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Lewis County General Hospital designated critical care facility


LOWVILLE — Lewis County General Hospital on Monday announced it has received a critical access hospital designation, created to strengthen delivery of health care in rural areas. The designation is critical to the hospital’s future, as $3 million was included in the 2014 budget based on its expected receipt.

As of April 11, the county-owned facility was $11 million in debt to the county.

“This is a very integral part of our plans,” county Legislator Philip C. Hathway, R-Diana, said.

With the designation, the hospital became one of 16 such facilities in the state.

To earn the designation, a facility must be 35 miles or more from another hospital, or 15 miles or more in mountainous terrain or areas with secondary roads. Officials announced the decision to seek the designation in September 2012.

Benefits of the designation, according to a hospital news release, include cost-based Medicare reimbursement, potentially increasing revenues and focusing on community needs. The facilities can network with an acute-care hospital for support and expansion of services, flexible staffing and services and capital improvement costs.

The move limits the facility to 25 acute-care beds on its license, but “all other services would stay the same,” said Eric R. Burch, hospital CEO.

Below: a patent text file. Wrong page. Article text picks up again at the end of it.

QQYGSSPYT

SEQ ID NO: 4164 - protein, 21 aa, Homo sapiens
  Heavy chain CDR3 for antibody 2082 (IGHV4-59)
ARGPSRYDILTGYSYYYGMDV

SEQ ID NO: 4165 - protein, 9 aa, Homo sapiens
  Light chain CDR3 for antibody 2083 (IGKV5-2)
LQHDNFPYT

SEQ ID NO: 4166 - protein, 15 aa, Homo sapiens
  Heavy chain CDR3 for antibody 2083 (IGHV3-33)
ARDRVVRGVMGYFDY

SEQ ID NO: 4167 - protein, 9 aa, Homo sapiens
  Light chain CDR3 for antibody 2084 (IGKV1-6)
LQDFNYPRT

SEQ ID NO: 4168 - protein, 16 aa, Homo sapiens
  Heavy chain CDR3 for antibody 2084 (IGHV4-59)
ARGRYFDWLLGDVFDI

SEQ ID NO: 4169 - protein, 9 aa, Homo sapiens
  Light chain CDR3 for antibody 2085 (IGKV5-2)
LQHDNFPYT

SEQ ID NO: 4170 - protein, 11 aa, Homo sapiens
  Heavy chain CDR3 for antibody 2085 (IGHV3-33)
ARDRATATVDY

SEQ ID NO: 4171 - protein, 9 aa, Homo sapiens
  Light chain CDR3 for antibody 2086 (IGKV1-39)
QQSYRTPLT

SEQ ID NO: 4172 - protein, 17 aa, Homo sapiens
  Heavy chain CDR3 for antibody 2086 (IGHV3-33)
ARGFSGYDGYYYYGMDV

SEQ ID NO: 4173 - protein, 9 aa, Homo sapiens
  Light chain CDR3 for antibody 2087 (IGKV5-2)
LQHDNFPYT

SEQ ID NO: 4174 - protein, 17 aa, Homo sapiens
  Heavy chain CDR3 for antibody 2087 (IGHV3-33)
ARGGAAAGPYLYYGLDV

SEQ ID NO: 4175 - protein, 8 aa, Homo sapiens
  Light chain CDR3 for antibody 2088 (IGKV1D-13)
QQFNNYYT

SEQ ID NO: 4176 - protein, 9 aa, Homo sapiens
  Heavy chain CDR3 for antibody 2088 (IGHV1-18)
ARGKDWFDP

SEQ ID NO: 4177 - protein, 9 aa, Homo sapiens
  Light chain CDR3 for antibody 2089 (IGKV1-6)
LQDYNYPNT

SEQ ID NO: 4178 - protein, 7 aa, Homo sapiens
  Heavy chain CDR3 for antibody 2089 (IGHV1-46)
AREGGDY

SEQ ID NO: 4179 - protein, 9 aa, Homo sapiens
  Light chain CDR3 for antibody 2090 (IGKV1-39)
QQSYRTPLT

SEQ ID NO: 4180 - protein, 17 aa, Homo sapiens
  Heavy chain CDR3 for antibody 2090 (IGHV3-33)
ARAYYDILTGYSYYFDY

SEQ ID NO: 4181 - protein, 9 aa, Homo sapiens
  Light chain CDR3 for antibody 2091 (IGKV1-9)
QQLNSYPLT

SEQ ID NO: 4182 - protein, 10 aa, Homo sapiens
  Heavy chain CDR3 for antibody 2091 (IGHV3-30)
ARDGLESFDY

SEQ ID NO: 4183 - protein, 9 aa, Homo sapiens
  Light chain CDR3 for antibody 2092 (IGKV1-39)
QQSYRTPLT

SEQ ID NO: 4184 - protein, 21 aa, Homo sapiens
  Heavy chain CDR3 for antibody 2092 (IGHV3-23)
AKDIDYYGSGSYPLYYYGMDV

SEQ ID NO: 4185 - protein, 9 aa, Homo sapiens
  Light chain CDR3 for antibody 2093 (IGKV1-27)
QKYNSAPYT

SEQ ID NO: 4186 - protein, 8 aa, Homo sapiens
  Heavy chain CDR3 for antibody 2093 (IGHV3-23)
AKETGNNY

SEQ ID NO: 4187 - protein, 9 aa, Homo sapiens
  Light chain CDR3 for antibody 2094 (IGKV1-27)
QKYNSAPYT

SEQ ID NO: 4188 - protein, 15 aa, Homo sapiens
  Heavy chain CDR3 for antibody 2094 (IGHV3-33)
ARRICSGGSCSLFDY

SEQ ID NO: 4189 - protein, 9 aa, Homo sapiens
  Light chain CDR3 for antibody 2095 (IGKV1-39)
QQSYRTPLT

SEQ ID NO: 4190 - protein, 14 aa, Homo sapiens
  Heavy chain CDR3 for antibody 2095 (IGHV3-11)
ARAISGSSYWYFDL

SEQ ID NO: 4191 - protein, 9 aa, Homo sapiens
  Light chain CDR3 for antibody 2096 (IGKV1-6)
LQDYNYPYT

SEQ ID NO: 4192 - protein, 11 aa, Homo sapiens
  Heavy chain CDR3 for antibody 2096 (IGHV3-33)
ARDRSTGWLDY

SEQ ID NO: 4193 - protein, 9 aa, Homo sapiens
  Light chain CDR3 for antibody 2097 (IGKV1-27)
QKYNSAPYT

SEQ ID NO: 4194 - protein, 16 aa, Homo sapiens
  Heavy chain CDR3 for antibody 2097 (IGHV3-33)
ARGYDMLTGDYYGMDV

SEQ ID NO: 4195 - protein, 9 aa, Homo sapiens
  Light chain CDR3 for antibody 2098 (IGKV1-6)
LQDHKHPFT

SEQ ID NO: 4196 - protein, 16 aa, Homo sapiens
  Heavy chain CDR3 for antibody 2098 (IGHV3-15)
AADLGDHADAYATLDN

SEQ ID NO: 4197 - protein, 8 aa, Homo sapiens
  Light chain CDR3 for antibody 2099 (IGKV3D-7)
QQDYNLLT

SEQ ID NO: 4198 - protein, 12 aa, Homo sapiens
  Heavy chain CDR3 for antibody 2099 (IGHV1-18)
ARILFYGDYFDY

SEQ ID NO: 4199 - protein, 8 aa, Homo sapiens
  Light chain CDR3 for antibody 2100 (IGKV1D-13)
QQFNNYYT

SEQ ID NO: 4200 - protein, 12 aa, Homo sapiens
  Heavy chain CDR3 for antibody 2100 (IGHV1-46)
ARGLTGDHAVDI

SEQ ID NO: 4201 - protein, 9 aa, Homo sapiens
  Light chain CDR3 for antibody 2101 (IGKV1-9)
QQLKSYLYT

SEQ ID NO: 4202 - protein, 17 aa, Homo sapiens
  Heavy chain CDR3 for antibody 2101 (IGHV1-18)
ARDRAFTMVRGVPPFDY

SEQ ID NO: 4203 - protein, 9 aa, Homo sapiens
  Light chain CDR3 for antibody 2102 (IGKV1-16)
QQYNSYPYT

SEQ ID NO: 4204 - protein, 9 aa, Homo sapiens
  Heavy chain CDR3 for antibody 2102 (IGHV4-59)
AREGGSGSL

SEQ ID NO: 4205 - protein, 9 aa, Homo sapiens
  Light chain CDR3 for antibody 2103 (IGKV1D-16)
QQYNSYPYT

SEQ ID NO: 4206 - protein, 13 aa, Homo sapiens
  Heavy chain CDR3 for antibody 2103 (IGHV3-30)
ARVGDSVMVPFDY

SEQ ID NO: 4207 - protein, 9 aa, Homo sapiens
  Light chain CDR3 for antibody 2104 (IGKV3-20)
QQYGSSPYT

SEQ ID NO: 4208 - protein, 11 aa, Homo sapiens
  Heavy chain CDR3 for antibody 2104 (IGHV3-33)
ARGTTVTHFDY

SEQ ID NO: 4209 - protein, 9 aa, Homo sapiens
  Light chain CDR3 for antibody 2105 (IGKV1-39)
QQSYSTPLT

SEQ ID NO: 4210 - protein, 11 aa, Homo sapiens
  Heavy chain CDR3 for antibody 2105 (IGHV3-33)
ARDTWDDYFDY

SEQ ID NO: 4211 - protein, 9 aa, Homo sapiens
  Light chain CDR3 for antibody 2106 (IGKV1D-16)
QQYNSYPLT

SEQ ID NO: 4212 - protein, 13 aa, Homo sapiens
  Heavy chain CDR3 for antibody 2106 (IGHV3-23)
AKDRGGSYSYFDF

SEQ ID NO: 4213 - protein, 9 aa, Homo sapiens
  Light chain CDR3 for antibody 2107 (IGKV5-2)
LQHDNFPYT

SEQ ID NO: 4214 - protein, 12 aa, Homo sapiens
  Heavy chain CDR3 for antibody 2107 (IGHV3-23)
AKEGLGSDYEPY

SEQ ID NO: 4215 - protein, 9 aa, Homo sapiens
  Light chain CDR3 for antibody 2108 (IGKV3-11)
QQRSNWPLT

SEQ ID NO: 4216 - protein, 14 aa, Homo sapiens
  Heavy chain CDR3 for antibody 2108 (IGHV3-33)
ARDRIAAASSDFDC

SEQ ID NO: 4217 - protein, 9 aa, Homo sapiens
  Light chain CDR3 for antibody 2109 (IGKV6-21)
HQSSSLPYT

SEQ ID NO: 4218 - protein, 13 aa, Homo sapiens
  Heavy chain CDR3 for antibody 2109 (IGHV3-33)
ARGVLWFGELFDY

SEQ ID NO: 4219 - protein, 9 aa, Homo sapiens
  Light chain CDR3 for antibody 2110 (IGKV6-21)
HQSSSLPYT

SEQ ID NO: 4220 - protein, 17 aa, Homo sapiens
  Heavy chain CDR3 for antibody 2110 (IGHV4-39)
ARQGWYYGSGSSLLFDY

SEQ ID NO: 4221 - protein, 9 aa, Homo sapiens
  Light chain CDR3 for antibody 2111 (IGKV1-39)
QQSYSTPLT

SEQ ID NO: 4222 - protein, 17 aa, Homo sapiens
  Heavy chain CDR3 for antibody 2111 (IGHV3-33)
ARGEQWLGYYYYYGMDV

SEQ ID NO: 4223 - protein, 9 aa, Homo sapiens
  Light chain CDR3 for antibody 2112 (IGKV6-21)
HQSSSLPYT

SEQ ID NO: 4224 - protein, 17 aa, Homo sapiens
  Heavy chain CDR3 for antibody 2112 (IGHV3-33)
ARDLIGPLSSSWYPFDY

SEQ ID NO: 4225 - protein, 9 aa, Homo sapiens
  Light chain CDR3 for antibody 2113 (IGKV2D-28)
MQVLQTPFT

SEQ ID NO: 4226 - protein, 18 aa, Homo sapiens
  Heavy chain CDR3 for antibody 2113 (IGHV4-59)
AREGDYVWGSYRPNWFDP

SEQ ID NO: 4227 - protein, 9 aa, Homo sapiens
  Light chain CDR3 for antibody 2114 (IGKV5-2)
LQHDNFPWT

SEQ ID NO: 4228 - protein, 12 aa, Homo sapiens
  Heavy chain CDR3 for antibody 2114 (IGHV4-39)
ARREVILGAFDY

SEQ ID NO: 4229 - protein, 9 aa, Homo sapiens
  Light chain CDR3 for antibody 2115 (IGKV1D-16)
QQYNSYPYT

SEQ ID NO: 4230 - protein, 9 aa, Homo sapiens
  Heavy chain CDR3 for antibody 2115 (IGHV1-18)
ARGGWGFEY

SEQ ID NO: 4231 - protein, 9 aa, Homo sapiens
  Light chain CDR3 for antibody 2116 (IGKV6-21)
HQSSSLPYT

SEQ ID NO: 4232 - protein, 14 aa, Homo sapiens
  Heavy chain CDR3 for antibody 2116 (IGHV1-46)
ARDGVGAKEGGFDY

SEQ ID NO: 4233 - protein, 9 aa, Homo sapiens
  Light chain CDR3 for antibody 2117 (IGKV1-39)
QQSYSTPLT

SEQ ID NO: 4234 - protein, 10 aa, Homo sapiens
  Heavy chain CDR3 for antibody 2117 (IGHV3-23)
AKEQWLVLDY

“Patients can expect a seamless transition, and it is our intent to remain the health care provider of choice for the communities we serve,” he said. “The critical access hospital status will help position us favorably for the future.”

Prior to the new designation, Lewis County General was paid for services to Medicare patients through a prospective payment system, based on predetermined compensation amounts correlated to patient diagnosis, rather than actual number of treatments, interventions or lengths of stay. Medicaid outpatient services, as well, will be reimbursed on a payment amount per episode basis, which boosts the payment rate for those services.

“Part of the reason that 25 beds continues to work for us is that medicine is changing and evolving,” Mr. Burch said. “Many procedures that once required a weeklong inpatient stay can now be done safely and effectively as outpatient procedures.”

Lewis County General will bill as a critical access hospital effective March 5, the date the state Department of Health determined the hospital met all of the criteria.

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